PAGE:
Lab Kit Results
The lab kit I received tested copper, lead, nitrate-nitrite and water hardness. I received my results via email within two weeks of sending in the kit.
It was nice to see that copper, lead, and nitrate-nitrite were not detected by the lab in our water. This backs up the results we had with our DIY test kits. We do have some water hardness, which we suspected, but now we know exactly what level of hardness.
DIY Kit Results
Our unfiltered results using the Safe Home Starter 15 kit, indicated a couple of potential problems.
First, the chloride level of 500 ppm exceeds the EPA maximum level of 250 ppm. We don’t have a filtered result for this, but our whole house filter does not remove chloride so we will assume the level is the same for the filtered water. Our free chlorine level is 1, and our total chlorine level was 0.2 ppm but both still below the EPA maximum level of 4 ppm. Our sulfate level is 250 ppm which is the EPA maximum level so this could be an issue affecting our water quality. Finally, our level of total dissolved solids is >750 ppm and the EPA maximum level for that is 500 ppm.
Full results of our unfiltered water:
Our filtered results using the Safe Home Starter 10 kit, indicated some improvement but still had some concerns.
With our filter, both chlorine levels dropped to 0, which is one of the things our whole house filter is supposed to remove. So it is doing its job there. Our sulfate level remains the same at 250 ppm which again is the EPA max level. Our pH and total alkalinity increased with the filter. The pH went from 7.5 which is the middle of the acceptable level, to 8.5 which is the high end of the acceptable level. The alkalinity went from 180 unfiltered to 240 filtered. 180 is the high end of the moderate level, 240 is considered high.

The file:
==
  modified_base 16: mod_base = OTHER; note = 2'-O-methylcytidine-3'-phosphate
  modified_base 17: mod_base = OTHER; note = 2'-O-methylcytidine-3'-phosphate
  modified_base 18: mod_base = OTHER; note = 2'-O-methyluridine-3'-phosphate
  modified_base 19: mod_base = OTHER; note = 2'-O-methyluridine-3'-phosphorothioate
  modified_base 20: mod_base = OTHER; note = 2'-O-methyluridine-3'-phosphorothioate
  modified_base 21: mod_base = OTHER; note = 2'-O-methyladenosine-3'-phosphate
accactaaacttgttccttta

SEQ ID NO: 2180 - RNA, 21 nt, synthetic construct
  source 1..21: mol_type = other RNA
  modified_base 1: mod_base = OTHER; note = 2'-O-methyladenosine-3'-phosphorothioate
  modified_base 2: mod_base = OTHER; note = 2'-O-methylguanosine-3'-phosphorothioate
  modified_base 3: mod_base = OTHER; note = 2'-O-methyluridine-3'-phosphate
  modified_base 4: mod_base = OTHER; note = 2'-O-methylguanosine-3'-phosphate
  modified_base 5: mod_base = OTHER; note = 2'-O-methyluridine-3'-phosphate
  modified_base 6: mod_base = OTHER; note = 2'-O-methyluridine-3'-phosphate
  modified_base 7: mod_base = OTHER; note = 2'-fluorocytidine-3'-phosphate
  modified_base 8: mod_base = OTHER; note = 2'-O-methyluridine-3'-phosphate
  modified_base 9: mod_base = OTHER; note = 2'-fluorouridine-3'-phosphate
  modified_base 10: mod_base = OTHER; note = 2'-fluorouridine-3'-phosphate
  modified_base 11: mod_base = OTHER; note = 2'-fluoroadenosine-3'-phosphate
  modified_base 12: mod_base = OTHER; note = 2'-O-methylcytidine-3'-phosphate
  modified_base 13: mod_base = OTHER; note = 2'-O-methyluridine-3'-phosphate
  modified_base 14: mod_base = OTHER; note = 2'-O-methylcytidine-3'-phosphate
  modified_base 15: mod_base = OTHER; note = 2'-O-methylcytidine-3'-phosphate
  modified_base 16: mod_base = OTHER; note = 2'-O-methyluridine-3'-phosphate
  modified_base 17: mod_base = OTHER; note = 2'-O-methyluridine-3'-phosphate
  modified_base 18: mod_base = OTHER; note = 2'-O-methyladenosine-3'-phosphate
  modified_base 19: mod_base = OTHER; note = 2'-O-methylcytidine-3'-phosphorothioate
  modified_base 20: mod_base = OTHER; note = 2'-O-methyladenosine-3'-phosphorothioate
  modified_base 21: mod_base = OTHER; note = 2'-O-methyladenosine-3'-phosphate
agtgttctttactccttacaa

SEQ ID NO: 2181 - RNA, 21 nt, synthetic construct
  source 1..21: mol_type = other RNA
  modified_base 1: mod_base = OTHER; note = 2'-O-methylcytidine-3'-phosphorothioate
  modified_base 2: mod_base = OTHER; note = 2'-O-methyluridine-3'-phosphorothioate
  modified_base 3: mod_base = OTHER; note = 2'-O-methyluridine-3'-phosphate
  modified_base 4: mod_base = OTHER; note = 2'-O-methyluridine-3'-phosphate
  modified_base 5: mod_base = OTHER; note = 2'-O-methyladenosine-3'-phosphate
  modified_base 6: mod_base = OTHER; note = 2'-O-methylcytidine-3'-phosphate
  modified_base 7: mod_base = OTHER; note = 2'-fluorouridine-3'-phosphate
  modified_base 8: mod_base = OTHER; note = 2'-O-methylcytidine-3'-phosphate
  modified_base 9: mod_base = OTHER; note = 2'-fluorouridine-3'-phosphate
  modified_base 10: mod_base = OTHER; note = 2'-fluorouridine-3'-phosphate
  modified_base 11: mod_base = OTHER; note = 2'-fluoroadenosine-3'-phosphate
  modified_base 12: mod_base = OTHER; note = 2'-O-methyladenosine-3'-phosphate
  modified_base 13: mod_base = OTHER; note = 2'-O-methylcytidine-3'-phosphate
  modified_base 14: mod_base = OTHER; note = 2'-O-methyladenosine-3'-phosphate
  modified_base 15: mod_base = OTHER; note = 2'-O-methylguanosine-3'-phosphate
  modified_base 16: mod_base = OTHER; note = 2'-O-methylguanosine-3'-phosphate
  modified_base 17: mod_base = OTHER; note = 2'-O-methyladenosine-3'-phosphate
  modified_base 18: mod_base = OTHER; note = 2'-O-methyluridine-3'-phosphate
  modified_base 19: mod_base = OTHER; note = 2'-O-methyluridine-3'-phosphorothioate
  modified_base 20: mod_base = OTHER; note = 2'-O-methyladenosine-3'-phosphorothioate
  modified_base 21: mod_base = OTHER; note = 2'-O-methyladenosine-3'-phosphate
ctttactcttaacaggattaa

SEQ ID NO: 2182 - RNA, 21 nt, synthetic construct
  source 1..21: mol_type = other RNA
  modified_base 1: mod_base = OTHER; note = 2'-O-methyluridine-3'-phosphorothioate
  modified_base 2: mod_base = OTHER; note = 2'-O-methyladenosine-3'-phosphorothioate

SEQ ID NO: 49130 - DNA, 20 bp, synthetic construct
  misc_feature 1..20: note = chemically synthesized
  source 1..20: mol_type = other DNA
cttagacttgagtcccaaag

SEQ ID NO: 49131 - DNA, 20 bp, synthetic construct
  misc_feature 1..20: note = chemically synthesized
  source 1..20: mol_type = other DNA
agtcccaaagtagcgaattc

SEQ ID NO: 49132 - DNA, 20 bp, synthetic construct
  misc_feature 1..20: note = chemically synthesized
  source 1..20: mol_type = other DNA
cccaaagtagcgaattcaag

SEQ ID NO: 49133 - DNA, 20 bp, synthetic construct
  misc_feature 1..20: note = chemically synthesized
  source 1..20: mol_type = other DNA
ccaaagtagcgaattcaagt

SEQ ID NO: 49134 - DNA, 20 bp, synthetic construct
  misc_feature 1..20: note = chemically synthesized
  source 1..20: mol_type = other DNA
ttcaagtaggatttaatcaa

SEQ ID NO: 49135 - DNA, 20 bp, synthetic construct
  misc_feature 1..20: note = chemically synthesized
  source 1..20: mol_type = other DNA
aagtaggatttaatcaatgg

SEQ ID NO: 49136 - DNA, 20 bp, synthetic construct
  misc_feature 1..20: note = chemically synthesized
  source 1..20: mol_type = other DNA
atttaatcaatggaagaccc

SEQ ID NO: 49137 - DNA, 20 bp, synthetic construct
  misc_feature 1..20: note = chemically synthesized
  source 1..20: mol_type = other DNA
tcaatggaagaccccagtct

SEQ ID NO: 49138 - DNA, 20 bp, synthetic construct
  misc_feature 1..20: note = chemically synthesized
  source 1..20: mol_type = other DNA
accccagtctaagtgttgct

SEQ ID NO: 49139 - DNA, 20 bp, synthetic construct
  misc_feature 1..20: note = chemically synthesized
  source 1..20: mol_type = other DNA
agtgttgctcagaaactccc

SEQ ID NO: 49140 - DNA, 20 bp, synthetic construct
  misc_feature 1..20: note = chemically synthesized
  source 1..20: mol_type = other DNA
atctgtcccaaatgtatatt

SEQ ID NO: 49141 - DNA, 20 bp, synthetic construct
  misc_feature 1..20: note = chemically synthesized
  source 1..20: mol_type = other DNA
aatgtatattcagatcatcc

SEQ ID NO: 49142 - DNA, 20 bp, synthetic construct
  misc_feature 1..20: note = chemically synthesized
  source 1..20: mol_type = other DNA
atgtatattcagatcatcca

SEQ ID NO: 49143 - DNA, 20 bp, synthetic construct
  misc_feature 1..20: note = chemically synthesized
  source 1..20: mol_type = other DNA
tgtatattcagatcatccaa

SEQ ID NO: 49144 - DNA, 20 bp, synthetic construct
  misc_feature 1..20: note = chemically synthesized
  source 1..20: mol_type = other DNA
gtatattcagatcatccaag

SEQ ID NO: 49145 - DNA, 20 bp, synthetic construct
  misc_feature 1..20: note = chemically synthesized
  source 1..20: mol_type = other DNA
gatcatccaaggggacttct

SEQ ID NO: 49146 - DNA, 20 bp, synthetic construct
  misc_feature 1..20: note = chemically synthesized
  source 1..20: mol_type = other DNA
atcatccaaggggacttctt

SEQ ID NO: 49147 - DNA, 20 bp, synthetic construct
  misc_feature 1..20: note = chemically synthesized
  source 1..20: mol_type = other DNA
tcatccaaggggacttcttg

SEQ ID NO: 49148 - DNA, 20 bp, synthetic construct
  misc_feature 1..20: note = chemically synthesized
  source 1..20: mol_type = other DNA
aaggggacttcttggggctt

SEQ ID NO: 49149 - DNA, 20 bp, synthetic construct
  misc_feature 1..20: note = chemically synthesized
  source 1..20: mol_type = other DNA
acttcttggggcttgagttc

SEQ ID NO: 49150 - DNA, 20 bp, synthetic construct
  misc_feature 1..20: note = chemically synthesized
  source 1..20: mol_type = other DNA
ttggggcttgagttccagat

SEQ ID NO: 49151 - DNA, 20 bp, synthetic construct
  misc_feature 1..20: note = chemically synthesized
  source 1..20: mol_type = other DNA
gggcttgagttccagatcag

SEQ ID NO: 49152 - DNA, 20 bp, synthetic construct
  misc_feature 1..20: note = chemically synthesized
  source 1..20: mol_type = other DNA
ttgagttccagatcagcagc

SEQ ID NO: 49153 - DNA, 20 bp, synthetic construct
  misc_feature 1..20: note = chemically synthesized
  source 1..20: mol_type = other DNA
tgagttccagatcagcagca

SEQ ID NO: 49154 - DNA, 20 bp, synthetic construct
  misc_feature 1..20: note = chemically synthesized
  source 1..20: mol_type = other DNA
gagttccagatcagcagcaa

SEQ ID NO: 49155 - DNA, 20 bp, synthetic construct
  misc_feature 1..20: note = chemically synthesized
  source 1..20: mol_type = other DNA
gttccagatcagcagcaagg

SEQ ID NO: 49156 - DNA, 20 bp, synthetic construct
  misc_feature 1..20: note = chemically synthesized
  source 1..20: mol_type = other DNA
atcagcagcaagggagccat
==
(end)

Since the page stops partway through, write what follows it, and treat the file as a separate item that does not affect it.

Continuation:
Our copper went up with the filtered water but because both the lab kit and the unfiltered water showed 0 ppm for copper levels, I am going to assume that is an anomaly or a mis-reading of the test strip. Finally, our total dissolved solids still remains above the EPA maximum level. Our filter is supposed to reduce sediment, this number would indicate to me that it is not removing it or the unfiltered water has such a high level of total dissolved solids that it didn’t even register on the chart.
Full results of our filtered water:
So, what now?
So now that I have my results, what do I do? That’s a really good question and one that I haven’t fully answered yet. I am still researching solutions like reverse osmosis and other systems that will completely purify our water. After this experience, and knowing that we only tested for a handful of the over 90 contaminants recognized by the EPA, I am hoping to find something that will provide as close to distilled water as possible. A distiller is an option as well, but I’d like to find a solution that isn’t just for the counter. Something that will ensure that we get safe water from every faucet in the house.
In the meantime I have purchased a Zero Water pitcher for our drinking water. It brought our total dissolved solids down to zero according to the tester that comes with the pitcher. The water tastes amazing but it’s not a long term solution for us. I already fill it up daily just for our drinking water. If I were to cook with it, make coffee with it and fill the dog bowl with it, I’d be filling the pitcher at least twice a day. And it’s not one of those filters that filters as you pour. This one takes some time to filter everything out. You can also get a Zero Water pitcher at Target and they seem to have a good price on a four-pack of the filters.
Test your water
If you are concerned about the quality and safety of your drinking water, I highly recommend that you pick up a Safe Home Water Quality Test Kit. After using a couple of different kits, I’d recommend that you choose the most thorough, complete kit that you can afford. Safe Home has an ULTIMATE lab test kit for city or well water that tests for 200 contaminants in the EPA certified lab. Their most comprehensive DIY home kit tests for 20 contaminants.
Your family deserves safe water!